And this shooting talent is something which won’t deteriorate much with age. A surprising thing you see when you look back at Ellis’ game logs from his Golden State days is how infrequently he took 3-point shots. He averaged 2.4 3-point shots per game over his six seasons in Golden State. But now he feels like he must shoot more as his reduced explosiveness and speed have limited his ability to get to the rim. Ellis averaged four 3-point shots per game last season for Milwaukee. He’ll likely average more than that next season. And more than that the season after. Insert “DANGER KEEP AWAY” sign.
In addition, Mayo will rarely shoot the Bucks out of a game. When looking at the elusive “bad shooting night” statistic (15 FGA + < 40 FG% shooting), Mayo only accomplished this feat 7 times last season. Ellis? He did it 29 times. Twenty. Wait for it. Nine. In other words, 35 percent of Monta Ellis’ games last year were “bad shooting nights.”
Unfortunately, here comes the scary part. Mayo’s numbers plummeted once Nowitzki returned to the Mavericks lineup. In the 54 games following Dirk’s return, Mayo averaged 13.2 points, 4.7 assists, and 3.4 rebounds per game on 43.6 percent from the field and 35.3 percent from 3-point. That’s a classic 16.9 percent dip in 3-point shooting. But that percentage is still significantly higher than the awful 28.7 percent Ellis chucked up there all last season.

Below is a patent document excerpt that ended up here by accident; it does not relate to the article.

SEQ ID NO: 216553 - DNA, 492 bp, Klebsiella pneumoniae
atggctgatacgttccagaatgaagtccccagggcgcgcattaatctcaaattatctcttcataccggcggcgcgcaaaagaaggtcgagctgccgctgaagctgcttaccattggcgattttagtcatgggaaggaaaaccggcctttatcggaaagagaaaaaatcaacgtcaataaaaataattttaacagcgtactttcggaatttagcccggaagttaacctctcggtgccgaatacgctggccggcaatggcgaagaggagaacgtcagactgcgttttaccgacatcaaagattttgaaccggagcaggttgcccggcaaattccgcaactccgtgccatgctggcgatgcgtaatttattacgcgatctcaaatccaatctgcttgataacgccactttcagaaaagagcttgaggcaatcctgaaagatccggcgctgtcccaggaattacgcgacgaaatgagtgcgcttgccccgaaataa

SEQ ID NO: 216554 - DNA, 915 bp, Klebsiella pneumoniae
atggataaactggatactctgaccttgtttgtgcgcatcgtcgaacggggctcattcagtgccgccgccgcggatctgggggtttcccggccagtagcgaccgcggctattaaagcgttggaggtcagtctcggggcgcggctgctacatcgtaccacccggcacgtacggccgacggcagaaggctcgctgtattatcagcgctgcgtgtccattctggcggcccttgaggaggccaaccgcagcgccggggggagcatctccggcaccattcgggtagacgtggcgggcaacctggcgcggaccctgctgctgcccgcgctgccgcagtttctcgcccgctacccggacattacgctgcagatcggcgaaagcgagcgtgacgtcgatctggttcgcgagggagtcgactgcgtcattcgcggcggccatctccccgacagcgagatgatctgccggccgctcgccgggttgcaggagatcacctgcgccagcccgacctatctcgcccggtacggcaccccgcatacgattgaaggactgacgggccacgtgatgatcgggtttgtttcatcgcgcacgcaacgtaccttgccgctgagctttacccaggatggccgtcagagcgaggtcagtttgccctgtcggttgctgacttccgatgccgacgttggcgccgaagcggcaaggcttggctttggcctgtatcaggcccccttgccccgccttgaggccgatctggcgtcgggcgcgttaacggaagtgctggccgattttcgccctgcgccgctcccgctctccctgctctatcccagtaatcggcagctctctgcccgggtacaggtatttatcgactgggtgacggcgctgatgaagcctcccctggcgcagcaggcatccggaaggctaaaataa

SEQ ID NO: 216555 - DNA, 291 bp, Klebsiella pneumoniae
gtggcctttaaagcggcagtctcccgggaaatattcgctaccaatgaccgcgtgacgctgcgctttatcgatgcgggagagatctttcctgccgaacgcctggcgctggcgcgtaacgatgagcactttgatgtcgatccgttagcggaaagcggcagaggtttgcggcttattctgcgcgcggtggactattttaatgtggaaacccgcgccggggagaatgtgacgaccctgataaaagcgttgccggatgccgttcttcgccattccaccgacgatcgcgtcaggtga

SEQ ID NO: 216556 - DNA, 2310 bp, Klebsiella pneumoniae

So where are we at? Mayo can clearly shoot better than Ellis. I’ve mentioned this, right? Ellis is a much stronger finisher at the rim, can create more on his own, and does a better job creating for others. He’s arguably a more talented overall basketball player than Mayo. He’s just inconsistent as all get-out.
For Mayo, it’s fair to say a problem last year was there were not a lot of people for him to create for on the Mavericks roster. He didn’t have the benefit of Larry Sanders alley-oops or Ersan Ilyasova at the top of the key or Mike Dunleavy coming off screens or Jennings randomly deciding to play well. Mayo’s assists were also the only major statistic to rise upon Nowitzki’s return.
If you’re building a team, Mayo seems to obviously be the shooting guard you would pick between the two players moving forward. Are there better shooting guards in the league? For sure. Are there better shooting guards for the Bucks to have signed? Arguably not. If the Bucks goal is truly to win now, then Mayo is the correct signing … especially when he comes with a semi-reasonable, easily-tradeable contract.
All that said, there’s a disclaimer. I clearly believe Mayo is a far superior player to Ellis and someone who with the right team around him could be a solid contributor in the league. I’m excited that he’s only 25. I like that his first name is orange juice and his last name is Miracle Whip. But I also completely realize how useless this signing is for the Milwaukee Bucks franchise. All Mayo will add is wins to a team which won’t get many and the Bucks will simply find themselves back in the awkward 7th-10th seed position. I’m also worried about stuff like this.
So while it may not be fun and it may not be easy, it’s what we’re going to see. And we can do this.
Because in the end, we’re Bucks fans and we’re fully aware of what that requires.
Categories: The Off Season